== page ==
Sail by fields of lavender downstream from Lyon to visit the twin cities of Tournon and Tain l'Hermitage, nestled between the river and the vineyard-covered slopes of The Hermitage. Tournon, one of France's oldest medieval cities, impresses visitors with its imposing 16th-century castle. Vienne and Viviers, quaint villages that line the shores of the Rhône, are surrounded by breathtaking beauty and bathed in history.

Further south, the white-stoned city of Avignon is located in scenic Provençe. Known as the "City of Popes," it was the centre of the Catholic Church in the 14th century and its immense papal palace overlooks the river. Nearby, visit the vineyards of Châteauneuf-du-Pape for a taste of more than six centuries of wine-making tradition.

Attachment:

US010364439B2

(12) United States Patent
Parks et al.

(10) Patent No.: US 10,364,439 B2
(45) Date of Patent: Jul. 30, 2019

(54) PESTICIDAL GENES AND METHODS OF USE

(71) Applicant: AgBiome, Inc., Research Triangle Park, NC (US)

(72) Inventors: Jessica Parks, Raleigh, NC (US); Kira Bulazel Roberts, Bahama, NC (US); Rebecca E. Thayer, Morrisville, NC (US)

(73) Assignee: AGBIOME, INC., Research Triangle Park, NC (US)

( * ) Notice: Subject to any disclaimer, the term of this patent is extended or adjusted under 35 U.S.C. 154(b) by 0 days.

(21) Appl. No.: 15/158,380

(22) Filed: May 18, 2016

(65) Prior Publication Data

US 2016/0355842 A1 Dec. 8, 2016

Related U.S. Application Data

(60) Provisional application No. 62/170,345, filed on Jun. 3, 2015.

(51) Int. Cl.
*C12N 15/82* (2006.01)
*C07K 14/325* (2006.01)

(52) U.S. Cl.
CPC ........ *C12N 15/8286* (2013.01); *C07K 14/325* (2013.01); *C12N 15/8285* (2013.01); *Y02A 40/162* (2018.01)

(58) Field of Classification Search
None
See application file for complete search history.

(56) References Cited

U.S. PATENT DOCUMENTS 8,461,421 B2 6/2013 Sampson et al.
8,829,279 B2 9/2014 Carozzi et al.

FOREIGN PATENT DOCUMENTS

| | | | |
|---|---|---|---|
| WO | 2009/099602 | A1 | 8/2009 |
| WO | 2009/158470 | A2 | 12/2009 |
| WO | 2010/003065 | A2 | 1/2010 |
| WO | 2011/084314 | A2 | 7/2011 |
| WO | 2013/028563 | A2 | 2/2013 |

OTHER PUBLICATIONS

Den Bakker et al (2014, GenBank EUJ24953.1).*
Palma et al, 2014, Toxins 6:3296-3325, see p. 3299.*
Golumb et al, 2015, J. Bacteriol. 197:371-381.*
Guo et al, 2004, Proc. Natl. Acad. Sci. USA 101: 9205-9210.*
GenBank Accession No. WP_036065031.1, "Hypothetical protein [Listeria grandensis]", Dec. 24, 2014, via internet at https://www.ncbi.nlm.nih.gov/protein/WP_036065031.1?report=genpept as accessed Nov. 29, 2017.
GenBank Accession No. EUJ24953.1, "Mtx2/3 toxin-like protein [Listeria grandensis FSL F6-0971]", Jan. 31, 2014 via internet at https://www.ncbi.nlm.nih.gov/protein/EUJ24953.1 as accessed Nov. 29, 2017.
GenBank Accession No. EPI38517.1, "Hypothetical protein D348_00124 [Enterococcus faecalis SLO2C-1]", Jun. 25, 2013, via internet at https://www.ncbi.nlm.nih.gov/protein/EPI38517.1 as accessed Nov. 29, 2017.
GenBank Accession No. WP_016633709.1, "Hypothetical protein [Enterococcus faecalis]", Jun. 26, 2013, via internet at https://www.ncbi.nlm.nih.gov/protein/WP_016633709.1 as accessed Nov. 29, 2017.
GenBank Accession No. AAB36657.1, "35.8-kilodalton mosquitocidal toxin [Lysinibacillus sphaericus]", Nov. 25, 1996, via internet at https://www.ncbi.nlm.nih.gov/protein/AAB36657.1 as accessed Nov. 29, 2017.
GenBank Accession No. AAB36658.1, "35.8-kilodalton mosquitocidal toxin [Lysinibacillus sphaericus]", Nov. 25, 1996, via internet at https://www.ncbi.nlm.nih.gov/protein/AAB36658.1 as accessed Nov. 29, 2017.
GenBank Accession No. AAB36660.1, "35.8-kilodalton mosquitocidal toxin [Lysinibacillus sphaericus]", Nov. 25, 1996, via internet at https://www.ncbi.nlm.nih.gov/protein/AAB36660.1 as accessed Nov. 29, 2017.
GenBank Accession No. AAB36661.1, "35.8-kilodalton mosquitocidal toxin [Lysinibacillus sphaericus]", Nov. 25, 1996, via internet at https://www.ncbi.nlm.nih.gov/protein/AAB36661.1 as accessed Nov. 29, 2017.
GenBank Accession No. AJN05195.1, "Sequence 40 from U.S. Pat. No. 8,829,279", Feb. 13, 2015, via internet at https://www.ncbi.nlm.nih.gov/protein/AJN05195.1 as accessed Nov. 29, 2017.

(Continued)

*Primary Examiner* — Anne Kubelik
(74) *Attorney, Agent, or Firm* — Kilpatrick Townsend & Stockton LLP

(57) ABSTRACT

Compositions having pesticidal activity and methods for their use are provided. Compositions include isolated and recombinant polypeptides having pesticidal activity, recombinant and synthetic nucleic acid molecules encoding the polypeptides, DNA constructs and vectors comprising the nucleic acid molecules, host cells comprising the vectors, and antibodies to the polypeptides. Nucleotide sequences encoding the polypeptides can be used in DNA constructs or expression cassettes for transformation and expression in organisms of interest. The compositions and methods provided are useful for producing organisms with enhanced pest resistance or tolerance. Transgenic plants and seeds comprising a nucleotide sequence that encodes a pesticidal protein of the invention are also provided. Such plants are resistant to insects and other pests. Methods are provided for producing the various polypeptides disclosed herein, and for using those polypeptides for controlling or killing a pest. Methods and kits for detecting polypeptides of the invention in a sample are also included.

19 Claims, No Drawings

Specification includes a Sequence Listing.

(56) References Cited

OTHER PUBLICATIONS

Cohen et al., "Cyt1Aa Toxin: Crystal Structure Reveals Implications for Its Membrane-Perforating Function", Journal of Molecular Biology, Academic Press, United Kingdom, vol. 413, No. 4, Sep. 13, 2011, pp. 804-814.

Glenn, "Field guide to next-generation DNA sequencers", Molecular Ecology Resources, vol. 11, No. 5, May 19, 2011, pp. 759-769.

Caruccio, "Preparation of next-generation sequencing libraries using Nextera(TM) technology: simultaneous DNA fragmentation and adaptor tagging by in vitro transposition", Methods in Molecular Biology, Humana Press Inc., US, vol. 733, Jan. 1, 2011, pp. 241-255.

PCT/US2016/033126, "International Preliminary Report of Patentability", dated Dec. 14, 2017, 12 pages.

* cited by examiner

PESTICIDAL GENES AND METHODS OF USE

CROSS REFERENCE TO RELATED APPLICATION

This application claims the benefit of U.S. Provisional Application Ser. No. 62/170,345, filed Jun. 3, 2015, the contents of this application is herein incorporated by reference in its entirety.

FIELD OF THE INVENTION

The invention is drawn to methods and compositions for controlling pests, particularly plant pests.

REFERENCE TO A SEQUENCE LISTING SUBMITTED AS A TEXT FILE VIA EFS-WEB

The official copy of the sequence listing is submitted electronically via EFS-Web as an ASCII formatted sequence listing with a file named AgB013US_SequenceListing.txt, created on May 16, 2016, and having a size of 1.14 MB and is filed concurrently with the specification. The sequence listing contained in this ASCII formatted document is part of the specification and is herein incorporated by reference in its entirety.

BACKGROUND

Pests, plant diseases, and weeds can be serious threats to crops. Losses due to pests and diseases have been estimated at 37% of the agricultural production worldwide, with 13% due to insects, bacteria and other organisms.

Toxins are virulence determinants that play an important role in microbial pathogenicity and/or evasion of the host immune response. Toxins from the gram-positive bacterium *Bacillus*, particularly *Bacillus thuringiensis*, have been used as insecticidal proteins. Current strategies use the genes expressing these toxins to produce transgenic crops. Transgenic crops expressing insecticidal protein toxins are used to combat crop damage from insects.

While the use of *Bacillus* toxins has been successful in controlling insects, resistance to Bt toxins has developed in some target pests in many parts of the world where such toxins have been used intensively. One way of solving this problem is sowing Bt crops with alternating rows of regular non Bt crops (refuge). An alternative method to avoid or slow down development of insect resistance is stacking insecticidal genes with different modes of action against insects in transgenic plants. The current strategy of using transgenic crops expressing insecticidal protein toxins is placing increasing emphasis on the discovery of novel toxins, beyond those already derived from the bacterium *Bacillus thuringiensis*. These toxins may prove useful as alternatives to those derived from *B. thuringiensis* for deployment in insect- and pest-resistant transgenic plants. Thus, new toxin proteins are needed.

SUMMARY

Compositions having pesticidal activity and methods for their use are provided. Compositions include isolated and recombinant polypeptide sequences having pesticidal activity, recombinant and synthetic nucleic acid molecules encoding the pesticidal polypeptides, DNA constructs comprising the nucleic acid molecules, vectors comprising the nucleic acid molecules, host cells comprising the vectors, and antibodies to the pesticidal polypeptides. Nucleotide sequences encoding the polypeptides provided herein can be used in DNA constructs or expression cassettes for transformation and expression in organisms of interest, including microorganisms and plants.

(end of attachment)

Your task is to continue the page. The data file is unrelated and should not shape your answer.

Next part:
As the Rhône rolls toward the Mediterranean, Arles is a sparkling city full of inspiration. In fact, Vincent Van Gogh spent one very prolific year along these banks, painting more than a dozen masterpieces. The city also boasts a pristinely-preserved coliseum from Roman times, the church of St. Trophime, and an ancient Gallo-Roman burial road — earning it the nickname "Little Rome of Gaul."

Cruiser Profile

A cruise along the Rhône River is perfect for travelers who delight in French cuisine and viniculture. Whether you're a life-long connoisseur or a novice, opportunities for indulgence can be found around every bend. For those with a keen interest in history, shoreline villages offer an enchanting combination of cultures that have inspired some of the world's most enduring artistic personalities.

The overarching theme of the Rhône is relaxation. It's nearly impossible to hold on to stress or worry as you float alongside fragrant fields in bloom, sleepy hillside villages and lost-in-time castles and churches. In short, it's the perfect place to simply let go and soak in some of the world's finest pleasures.